The Immigration Minister thinks a fall in UK exports is a policy success
GDP figures today were revised down to -0.3%. As I've said before, small quarterly movements of this sort are largely irrelevant to the broader picture. What was initially a reasonably strong, albeit patchy, recovery stalled in the autumn of 2010; since then there has been essentially no growth at all.
GDP figures today were revised down to -0.3%. As I’ve said before, small quarterly movements of this sort are largely irrelevant to the broader picture. What was initially a reasonably strong, albeit patchy, recovery stalled in the autumn of 2010; since then there has been essentially no growth at all. The government can and should act now.
Amid the gloom, recent statistics have contained one piece of relatively good news; exports are doing well, especially to countries outside the EU. In particular, we continue to run a large surplus on trade in services. What sort of services do we export: financial services and insurance, business services, the creative industries – and education. The Department for Business estimate that in 2008-09 the value of education and training exports was about £15 billion. This looks to be about the same at the time as our exports of food and drink, and maybe half of our exports of cars, which are now rising sharply.
Crucially, it is essential to note that the vast majority of education exports never (physically) leave the country; as the BIS figures show, they come from the spending of foreign students in this country, both on tuition fees directly and on consuming goods and services. Exports aren’t all things we ship abroad; they occur when a foreign resident spends money on something produced here. When a Spanish student sips a coffee in Starbucks, we’re exporting to Spain; it’s real money, generating growth and employment here and improving our balance of payments.
So what are the future export prospects for this industry? They should be excellent; if the UK has a comparative advantage in anything it ought to be education, given that we speak English, we have the only university sector in the world that compares to the US, and London’s position as a global hub. So you’d think the government would welcome this, and do all it could to facilitate it. After all, export-led growth is exactly what we need; both in the short term as we try to generate a sustainable recovery, and over the medium term as we try to rebalance the economy.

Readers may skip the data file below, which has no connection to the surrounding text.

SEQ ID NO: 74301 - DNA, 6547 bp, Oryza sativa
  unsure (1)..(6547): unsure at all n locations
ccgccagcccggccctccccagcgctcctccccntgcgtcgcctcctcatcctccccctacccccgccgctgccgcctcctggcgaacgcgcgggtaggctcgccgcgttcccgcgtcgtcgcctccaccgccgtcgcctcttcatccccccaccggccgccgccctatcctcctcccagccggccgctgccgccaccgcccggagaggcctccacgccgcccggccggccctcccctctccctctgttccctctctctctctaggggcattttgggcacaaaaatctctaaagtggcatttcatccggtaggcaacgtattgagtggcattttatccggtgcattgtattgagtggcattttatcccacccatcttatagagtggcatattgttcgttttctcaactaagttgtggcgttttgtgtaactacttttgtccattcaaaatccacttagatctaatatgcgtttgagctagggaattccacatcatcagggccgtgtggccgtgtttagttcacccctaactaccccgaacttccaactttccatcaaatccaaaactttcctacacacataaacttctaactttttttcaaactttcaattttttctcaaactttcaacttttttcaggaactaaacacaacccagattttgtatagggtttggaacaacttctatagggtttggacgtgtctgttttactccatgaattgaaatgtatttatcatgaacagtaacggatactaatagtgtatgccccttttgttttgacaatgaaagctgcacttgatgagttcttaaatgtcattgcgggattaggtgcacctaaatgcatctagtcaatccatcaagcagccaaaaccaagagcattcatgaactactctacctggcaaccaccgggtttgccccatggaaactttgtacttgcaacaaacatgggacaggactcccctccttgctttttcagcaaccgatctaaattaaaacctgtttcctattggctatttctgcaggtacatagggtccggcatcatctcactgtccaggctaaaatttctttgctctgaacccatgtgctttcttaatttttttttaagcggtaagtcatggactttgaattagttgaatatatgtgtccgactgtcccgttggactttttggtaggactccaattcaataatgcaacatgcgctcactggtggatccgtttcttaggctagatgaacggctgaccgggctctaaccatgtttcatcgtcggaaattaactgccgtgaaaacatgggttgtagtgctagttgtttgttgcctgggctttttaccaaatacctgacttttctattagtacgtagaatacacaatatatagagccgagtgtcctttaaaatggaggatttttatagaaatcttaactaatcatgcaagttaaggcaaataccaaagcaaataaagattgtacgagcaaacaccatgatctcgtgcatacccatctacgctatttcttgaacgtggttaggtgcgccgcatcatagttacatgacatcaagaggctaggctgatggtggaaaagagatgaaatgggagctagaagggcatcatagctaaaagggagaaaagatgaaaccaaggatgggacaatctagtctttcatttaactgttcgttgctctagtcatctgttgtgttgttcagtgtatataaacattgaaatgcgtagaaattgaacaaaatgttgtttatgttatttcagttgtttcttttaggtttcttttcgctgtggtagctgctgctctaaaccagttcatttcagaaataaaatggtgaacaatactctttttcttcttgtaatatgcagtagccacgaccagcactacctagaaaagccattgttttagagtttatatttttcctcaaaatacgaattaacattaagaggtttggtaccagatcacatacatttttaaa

Of course, you’d be wrong. Today’s immigration statistics showed a 21 percent fall, year on year, in student visas issued, thanks at least in part to new government restrictions. Quarter on quarter, the fall was much larger, although for obvious reasons there are large seasonal fluctuations. That didn’t stop Damien Green, the Minister for Immigration, saying:
“Our tough new rules are now making a real difference with a record 62% drop in student visas in the first quarter of 2012”
Now it’s absolutely clear that there has been some abuse of the student visa system, and the government has a perfect right, indeed an obligation, to take action to reduce that. But there is nothing at all to suggest that the level of abuse is on that scale. Moreover, it is quite clear from the Minister’s comments that the government’s current priority is not to reduce abuse, but to reduce numbers – that is, to reduce exports and hence UK economic growth and output. A year ago, this IPPR analysis argued:
“The government cannot have its cake and eat it: it will simply not be possible to reach the reduced net migration target and retain the benefits that students bring to the institutions they attend and the wider economy… It is counter-productive for proposals which are driven in large part by the government’s other policy objectives, and which could cause real economic harm to the UK, to be presented purely as a response to this concern about abuse.”
Unfortunately, this is precisely what has happened. Back in August, the Chancellor argued:
“this crisis provides an opportunity to make some difficult trade-offs in favour of growth that might get parked in the “too difficult” box in calmer times.”
Exactly. The government can continue to pursue economically counterproductive policies designed to reduce net migration of which its policies on student visas is one, although by no means the only one. Or George Osborne can put his policies where his mouth is, make a “difficult trade-off in favour of growth”, and overrrule his Minister for Immigration.